Minimizing transaction fees

Julee Roth raises an important issue about the recent changes in banks, credit cards, ATMs and foreign currency transactions and the new fees (Dec. ’06, pg. 12).

Regarding currency transactions, two bad things happened on our visit to Tuscany in September-October ’04. Hertz processed our Italian rental car transaction in U.S. dollars instead of euros, at an unfavorable exchange rate. They called it “Dynamic Conversion,” claiming that it was for our “benefit.” When I asked that the charge instead be processed in euros, the desk clerk suddenly lost his ability to speak English.

When we returned home and got our credit card statement, our ATM and Visa transactions included what appeared to be a four percent conversion charge. We discovered that our bank had sold their credit card business to MBNA, which added their own three percent conversion fee to the normal one percent that Visa’s network (PLUS) has historically charged to do the conversion and process the transaction.

In February ’06, while arranging a 10-day fly-drive to Nova Scotia, we investigated and found that some things had not changed. Visa’s money transfer network (PLUS) and that of MasterCard/Maestro (Cirrus), after the recent lawsuit settlements, continue to charge a one percent agio (currency-exchanging fee) to process and convert credit card charges and ATM/debit card withdrawals at the favorable wholesale exchange rates. Look on the backs of your cards and you should see the logos of either or both.

What has changed is that all of the major credit card issuers and big banks that we surveyed (except for Capital One) now add an additional one to three percent of their own to the regular PLUS/Cirrus fee. Read the mice-type disclosure statement that came with your card. At my branch of a big regional bank, a manager had no explanation why. Nor could she explain why, with no national credit card involved, the bank was adding a three percent charge on non-U.S. ATM draws.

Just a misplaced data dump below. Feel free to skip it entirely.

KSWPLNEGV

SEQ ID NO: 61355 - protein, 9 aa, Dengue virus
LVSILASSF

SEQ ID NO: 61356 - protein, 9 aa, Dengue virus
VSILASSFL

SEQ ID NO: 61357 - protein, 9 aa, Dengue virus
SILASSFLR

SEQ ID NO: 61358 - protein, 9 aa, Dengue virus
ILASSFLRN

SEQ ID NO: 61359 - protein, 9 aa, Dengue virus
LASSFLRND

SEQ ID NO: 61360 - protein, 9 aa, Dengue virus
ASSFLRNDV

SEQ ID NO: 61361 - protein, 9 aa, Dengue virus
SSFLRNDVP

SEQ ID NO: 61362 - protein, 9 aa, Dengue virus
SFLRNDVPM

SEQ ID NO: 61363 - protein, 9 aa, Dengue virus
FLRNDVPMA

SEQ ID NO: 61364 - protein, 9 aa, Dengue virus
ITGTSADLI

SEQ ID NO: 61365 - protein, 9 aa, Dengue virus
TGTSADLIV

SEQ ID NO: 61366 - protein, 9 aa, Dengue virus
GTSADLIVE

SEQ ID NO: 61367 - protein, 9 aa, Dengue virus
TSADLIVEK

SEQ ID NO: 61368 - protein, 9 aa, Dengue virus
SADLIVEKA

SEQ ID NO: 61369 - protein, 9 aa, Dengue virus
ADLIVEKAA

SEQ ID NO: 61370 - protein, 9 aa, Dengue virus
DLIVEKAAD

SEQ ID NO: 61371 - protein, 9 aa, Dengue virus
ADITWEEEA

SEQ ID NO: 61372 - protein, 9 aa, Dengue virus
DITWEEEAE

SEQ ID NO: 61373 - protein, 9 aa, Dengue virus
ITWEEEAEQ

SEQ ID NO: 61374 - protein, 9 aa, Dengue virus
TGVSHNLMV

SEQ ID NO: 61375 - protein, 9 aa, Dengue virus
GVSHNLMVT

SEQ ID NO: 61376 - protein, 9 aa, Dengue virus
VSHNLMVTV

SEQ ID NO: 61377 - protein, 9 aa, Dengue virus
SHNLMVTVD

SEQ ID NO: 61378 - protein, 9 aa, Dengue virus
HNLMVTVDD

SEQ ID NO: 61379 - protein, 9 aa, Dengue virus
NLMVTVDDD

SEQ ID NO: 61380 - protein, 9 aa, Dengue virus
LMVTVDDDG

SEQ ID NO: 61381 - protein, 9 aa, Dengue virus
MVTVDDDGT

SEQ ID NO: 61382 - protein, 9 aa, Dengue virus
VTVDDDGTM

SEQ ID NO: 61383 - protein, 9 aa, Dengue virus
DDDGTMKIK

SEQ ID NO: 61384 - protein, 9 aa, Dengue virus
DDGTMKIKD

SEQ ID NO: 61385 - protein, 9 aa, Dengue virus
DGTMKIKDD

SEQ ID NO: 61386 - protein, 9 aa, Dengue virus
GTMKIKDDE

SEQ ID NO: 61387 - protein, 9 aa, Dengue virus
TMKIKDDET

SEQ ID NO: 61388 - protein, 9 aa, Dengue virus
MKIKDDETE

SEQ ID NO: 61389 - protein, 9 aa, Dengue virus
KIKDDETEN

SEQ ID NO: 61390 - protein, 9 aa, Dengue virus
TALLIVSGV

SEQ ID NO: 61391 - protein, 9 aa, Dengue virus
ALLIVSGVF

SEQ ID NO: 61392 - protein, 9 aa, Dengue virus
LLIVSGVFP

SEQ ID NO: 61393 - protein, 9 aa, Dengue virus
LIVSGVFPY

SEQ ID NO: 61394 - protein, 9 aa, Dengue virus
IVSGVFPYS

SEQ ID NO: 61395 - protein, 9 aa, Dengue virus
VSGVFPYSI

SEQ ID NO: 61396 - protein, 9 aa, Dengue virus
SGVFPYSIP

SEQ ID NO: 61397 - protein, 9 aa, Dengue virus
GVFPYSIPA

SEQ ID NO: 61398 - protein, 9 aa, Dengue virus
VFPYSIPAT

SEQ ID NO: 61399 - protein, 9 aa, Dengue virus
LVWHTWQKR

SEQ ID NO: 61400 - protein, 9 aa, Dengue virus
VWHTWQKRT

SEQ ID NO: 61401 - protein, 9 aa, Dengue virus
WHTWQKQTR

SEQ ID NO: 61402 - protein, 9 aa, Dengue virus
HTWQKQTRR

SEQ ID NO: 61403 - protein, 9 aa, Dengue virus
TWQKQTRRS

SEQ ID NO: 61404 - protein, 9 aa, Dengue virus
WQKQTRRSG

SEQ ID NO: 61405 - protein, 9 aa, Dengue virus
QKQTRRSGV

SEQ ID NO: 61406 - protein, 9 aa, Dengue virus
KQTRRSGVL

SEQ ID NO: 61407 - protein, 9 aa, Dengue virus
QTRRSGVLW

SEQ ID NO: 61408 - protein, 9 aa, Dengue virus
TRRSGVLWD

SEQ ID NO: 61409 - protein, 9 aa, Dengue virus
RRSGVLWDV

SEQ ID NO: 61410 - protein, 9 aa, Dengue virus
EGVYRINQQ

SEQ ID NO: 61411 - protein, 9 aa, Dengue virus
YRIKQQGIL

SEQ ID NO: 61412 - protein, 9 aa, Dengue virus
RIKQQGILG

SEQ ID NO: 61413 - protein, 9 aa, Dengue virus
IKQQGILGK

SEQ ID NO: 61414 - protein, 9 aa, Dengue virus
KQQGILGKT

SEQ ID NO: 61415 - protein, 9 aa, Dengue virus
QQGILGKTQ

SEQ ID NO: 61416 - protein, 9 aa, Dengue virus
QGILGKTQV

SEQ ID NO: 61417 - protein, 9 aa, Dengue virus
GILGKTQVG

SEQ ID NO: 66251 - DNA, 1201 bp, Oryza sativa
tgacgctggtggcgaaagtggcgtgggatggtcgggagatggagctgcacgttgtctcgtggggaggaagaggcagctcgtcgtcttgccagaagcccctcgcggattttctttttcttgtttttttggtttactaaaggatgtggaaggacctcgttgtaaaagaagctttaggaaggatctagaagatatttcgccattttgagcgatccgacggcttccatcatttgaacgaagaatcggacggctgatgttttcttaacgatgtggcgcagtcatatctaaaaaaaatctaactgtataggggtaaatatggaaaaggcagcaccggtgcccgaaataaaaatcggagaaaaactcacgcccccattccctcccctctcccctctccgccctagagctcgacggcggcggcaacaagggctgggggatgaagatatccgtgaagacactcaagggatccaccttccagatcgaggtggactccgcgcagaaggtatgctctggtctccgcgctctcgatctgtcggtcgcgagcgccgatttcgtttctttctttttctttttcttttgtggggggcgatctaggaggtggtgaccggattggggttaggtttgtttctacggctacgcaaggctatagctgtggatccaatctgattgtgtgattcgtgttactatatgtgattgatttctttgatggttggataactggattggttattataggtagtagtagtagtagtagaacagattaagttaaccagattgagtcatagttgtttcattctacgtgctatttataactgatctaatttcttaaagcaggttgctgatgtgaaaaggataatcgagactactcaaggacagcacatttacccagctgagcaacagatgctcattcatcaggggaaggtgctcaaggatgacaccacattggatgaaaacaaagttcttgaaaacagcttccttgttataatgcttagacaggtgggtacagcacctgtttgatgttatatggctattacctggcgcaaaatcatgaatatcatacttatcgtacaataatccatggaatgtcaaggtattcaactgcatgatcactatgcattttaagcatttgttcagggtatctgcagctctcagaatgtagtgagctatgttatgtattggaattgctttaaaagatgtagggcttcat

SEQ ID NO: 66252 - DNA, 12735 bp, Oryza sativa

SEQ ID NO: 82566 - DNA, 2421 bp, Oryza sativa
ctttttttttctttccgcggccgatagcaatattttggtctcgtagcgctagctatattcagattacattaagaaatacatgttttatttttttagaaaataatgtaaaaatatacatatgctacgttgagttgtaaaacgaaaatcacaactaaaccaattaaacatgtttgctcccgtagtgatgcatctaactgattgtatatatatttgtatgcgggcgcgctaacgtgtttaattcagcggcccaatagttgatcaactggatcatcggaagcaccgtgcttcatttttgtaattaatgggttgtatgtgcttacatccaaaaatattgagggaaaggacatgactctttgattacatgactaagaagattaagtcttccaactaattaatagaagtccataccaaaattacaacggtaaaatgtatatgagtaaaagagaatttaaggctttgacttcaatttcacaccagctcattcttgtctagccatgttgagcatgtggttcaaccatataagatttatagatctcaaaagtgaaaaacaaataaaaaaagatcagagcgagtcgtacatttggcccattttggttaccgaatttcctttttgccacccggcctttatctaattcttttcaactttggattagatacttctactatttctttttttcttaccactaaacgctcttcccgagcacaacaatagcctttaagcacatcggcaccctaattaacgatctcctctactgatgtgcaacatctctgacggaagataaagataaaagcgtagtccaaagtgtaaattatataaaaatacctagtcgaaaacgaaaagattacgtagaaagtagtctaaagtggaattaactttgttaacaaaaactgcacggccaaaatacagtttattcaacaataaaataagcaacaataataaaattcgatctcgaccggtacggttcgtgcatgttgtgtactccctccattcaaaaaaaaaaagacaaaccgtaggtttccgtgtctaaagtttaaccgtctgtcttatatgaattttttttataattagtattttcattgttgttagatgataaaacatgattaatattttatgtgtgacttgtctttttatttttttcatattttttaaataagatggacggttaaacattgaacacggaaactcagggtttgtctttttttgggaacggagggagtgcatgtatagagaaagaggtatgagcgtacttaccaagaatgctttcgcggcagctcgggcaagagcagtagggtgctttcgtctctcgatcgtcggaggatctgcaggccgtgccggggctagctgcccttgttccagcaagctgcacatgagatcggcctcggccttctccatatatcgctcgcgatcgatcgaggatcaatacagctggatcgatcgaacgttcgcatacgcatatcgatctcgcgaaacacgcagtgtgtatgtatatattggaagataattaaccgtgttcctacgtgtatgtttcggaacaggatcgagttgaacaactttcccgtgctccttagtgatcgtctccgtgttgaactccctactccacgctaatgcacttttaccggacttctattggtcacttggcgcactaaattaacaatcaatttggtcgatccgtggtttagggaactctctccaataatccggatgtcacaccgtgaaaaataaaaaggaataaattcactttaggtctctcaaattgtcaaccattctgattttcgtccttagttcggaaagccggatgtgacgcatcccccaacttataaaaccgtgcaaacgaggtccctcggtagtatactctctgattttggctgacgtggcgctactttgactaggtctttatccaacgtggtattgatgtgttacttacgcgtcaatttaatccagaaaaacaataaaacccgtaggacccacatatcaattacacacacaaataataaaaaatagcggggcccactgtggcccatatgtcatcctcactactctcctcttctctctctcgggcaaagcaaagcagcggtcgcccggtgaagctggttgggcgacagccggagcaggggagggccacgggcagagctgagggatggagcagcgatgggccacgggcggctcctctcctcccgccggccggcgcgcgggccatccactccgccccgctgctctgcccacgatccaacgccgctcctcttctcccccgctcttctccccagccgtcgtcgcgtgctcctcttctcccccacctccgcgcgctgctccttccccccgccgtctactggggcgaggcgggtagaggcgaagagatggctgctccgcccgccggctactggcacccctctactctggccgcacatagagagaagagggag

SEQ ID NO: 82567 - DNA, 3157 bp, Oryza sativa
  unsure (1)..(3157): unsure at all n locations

We also learned, as did Julee, that many credit unions and hometown banks contract out their credit card services and so can determine their own terms. We now have a MasterCard from a credit union down the street and a Visa card from a nearby local bank, both of which charge only the PLUS/Cirrus one percent agio, clearly disclosed on their monthly credit card statements.

So, too, with the ATM cards. We do not carry debit cards. ATM cards require a PIN; debit cards do not. Thus, if you should lose your debit card, a perp easily could empty your checking account — an unpleasant revelation when you are 8,000 miles from home. Banks like debit cards because the fees are larger. The bank person will pout, but if you dig in your heels she will issue you an ATM card.

Credit unions and small local banks offset the competitive disadvantage of having only a handful of ATMs by agreeing to absorb any fees occasioned when you use another bank’s ATM (anywhere in the world, in the case of my new bank and credit union). And the only add-on is the customary PLUS/Cirrus one percent foreign exchange conversion fee.

The lesson here is to shop around.

Julee is correct about cash advances on a credit card anywhere. These are considered to be loans, and the interest accrual begins immediately. Plus insult is added to injury by the one to three percent that the big banks and issuers add to the foreign currency conversion charge.

Dynamic Conversion is another issue that we’ve found no answer for. The PLUS/Cirrus rules allow you to refuse it, but the practicalities often are otherwise. I would be grateful to other ITN readers with suggestions on how to deal with Dynamic Conversion when confronted by it.


Maryville, TN